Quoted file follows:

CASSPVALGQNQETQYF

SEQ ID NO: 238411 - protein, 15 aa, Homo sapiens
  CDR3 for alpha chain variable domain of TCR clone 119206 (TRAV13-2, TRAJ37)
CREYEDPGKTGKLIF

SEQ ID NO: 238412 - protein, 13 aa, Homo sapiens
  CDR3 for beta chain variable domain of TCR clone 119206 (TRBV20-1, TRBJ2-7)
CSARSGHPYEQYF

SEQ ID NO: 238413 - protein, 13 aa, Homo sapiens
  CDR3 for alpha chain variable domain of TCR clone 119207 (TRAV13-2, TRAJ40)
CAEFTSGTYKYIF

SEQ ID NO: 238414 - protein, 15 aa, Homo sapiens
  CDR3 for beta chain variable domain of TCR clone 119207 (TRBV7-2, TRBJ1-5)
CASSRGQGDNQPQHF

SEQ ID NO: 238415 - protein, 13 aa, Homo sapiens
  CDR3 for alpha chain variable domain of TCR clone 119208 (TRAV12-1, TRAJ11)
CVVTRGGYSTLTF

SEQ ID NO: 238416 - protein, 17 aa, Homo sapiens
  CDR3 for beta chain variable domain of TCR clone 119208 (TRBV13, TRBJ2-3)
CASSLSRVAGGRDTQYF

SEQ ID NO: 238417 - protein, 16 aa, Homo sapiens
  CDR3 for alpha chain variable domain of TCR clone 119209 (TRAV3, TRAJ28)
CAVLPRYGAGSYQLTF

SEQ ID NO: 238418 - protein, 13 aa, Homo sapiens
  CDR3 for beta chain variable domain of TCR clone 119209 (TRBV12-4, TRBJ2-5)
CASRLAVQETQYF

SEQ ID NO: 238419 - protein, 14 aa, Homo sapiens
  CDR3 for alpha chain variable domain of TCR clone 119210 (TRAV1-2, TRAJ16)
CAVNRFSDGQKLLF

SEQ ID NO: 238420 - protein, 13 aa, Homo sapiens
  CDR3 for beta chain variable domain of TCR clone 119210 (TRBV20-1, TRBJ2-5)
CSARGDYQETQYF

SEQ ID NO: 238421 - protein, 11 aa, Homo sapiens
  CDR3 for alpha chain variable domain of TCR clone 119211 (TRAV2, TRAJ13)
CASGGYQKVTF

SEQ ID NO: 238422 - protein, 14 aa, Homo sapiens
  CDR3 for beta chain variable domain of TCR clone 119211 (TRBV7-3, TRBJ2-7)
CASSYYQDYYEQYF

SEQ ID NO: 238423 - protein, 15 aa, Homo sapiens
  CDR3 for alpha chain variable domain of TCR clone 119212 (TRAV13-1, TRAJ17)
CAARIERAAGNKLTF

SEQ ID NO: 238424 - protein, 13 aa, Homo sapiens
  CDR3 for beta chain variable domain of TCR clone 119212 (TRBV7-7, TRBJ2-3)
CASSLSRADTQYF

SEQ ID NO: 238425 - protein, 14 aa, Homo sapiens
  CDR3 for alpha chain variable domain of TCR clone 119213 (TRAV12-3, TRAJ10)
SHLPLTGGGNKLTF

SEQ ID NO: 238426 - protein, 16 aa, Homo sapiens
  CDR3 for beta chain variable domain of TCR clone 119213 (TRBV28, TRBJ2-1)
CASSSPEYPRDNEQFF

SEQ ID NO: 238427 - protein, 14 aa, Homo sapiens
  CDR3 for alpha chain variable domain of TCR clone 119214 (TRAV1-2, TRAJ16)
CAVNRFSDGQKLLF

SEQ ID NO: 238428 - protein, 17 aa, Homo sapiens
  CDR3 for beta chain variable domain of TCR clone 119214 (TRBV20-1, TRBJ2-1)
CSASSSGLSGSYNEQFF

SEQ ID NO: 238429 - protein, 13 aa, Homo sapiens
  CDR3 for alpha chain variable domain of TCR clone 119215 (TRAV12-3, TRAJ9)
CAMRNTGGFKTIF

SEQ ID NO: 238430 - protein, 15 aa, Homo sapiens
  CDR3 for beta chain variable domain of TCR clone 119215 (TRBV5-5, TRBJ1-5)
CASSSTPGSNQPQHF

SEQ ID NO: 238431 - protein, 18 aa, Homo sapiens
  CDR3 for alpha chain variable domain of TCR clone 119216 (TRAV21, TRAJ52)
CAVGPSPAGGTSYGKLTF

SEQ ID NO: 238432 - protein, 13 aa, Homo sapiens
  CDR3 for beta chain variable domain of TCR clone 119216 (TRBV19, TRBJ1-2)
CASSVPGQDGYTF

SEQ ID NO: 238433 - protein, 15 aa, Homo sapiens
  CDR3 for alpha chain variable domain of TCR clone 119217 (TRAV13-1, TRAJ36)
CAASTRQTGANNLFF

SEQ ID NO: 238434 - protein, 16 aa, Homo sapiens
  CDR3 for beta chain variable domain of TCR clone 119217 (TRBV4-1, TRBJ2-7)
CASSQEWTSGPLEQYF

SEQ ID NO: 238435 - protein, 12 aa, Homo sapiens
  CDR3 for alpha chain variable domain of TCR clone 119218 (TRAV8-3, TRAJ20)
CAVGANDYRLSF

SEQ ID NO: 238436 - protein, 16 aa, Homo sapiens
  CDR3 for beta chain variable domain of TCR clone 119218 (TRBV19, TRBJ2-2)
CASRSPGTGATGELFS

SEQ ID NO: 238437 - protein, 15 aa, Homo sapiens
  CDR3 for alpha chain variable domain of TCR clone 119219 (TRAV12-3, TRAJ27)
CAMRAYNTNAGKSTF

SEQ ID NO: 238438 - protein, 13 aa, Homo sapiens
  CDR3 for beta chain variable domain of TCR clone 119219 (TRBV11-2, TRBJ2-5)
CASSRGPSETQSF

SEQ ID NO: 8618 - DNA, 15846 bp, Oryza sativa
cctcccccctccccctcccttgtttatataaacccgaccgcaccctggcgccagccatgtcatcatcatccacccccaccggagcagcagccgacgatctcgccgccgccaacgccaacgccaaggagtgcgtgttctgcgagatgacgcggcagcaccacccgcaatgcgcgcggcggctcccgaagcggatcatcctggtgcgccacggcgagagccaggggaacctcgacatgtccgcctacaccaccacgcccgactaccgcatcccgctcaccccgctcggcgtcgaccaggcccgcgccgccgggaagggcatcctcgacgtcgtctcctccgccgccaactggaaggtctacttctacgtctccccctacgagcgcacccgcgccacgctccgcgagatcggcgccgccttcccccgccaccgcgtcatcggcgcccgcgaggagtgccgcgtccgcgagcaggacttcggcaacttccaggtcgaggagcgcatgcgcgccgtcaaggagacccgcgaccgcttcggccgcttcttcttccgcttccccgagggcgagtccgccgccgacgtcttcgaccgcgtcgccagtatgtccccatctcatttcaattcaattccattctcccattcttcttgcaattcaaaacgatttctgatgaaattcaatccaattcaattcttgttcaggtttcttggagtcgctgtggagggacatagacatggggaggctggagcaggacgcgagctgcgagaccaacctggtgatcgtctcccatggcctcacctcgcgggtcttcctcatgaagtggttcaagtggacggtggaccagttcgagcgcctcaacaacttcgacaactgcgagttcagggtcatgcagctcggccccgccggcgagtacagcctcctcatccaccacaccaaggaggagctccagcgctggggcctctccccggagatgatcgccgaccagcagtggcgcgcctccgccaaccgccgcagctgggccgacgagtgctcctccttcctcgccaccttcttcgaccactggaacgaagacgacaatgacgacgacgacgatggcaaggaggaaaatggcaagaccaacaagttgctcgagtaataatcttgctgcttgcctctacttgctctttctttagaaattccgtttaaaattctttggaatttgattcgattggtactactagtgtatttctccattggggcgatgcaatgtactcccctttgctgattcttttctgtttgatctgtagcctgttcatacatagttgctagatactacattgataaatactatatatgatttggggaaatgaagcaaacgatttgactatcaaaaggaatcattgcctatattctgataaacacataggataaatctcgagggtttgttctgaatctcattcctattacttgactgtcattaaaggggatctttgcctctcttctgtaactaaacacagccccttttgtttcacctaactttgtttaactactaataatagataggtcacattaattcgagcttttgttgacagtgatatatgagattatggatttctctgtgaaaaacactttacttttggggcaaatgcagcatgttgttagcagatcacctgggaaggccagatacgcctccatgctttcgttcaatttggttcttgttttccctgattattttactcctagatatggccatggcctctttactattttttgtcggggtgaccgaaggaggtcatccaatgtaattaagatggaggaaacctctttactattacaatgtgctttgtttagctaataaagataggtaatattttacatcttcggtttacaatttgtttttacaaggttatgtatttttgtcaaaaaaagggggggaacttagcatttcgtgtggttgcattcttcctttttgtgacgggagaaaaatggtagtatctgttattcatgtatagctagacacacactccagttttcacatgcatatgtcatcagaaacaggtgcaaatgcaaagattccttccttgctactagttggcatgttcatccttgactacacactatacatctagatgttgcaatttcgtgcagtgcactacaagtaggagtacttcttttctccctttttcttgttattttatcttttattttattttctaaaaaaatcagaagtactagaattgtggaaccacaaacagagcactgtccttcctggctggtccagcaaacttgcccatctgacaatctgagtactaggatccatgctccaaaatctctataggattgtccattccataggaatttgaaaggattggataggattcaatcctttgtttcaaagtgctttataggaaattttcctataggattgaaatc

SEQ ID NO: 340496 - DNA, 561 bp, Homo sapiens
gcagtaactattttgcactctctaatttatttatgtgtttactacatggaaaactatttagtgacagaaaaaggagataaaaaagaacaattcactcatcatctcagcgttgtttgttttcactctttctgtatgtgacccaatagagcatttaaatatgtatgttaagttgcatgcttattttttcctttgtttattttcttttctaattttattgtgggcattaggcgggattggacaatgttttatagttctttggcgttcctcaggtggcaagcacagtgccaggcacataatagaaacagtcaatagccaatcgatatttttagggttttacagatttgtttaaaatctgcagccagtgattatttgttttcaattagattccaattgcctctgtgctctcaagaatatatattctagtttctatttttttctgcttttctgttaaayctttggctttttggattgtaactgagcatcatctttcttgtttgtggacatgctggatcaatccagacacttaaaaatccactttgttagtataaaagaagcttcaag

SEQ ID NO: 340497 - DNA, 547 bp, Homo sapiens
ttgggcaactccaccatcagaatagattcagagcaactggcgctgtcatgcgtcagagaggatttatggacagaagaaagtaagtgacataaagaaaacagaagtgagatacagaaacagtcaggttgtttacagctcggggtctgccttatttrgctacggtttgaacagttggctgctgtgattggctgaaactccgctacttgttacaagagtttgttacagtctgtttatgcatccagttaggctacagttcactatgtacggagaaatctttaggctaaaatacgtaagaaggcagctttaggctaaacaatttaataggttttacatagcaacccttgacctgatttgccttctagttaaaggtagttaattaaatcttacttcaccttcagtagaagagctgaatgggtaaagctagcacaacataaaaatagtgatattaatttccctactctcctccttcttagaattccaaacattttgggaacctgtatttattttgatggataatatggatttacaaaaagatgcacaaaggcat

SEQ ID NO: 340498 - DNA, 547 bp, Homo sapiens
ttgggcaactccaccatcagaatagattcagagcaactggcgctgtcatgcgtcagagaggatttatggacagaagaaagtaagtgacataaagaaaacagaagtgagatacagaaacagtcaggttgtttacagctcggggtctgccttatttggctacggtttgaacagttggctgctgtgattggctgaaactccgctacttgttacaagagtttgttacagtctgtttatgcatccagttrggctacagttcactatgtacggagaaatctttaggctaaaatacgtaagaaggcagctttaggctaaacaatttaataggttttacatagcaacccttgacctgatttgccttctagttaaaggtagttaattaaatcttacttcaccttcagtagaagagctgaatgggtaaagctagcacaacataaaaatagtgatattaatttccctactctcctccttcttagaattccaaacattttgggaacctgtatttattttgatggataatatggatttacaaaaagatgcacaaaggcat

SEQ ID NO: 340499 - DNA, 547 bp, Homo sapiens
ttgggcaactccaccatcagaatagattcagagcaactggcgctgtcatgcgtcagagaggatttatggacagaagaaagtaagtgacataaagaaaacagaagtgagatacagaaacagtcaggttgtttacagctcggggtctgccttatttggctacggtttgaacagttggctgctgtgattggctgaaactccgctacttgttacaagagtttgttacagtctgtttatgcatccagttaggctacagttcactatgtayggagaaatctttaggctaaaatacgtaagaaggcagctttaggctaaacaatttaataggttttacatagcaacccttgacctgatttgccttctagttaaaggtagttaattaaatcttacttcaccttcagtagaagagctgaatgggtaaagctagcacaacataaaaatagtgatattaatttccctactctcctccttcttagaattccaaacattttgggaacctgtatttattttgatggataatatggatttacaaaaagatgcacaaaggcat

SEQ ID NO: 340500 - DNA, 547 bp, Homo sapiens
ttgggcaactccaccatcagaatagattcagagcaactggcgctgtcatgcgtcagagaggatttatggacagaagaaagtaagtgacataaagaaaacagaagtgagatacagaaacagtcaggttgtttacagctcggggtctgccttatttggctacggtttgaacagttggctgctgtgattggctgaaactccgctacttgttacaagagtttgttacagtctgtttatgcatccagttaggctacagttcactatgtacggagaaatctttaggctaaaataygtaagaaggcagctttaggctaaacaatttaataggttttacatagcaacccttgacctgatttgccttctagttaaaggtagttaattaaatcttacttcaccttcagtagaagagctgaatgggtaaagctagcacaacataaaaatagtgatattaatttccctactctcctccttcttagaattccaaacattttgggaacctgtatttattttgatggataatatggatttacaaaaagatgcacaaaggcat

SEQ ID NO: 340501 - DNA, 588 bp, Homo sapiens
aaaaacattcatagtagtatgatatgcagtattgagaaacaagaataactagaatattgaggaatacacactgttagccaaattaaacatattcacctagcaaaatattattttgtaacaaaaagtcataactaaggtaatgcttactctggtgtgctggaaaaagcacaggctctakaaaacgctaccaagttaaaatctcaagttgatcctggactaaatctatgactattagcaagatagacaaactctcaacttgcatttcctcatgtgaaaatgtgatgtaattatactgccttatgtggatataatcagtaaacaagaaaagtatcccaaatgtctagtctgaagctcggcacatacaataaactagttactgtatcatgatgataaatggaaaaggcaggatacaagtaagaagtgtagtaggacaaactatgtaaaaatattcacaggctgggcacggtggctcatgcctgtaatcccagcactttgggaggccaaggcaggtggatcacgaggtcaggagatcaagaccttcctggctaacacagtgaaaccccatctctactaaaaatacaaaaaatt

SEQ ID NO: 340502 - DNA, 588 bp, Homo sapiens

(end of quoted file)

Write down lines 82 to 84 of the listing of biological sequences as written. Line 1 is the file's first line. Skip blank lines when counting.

CAMRAYNTNAGKSTF

SEQ ID NO: 238438 - protein, 13 aa, Homo sapiens
  CDR3 for beta chain variable domain of TCR clone 119219 (TRBV11-2, TRBJ2-5)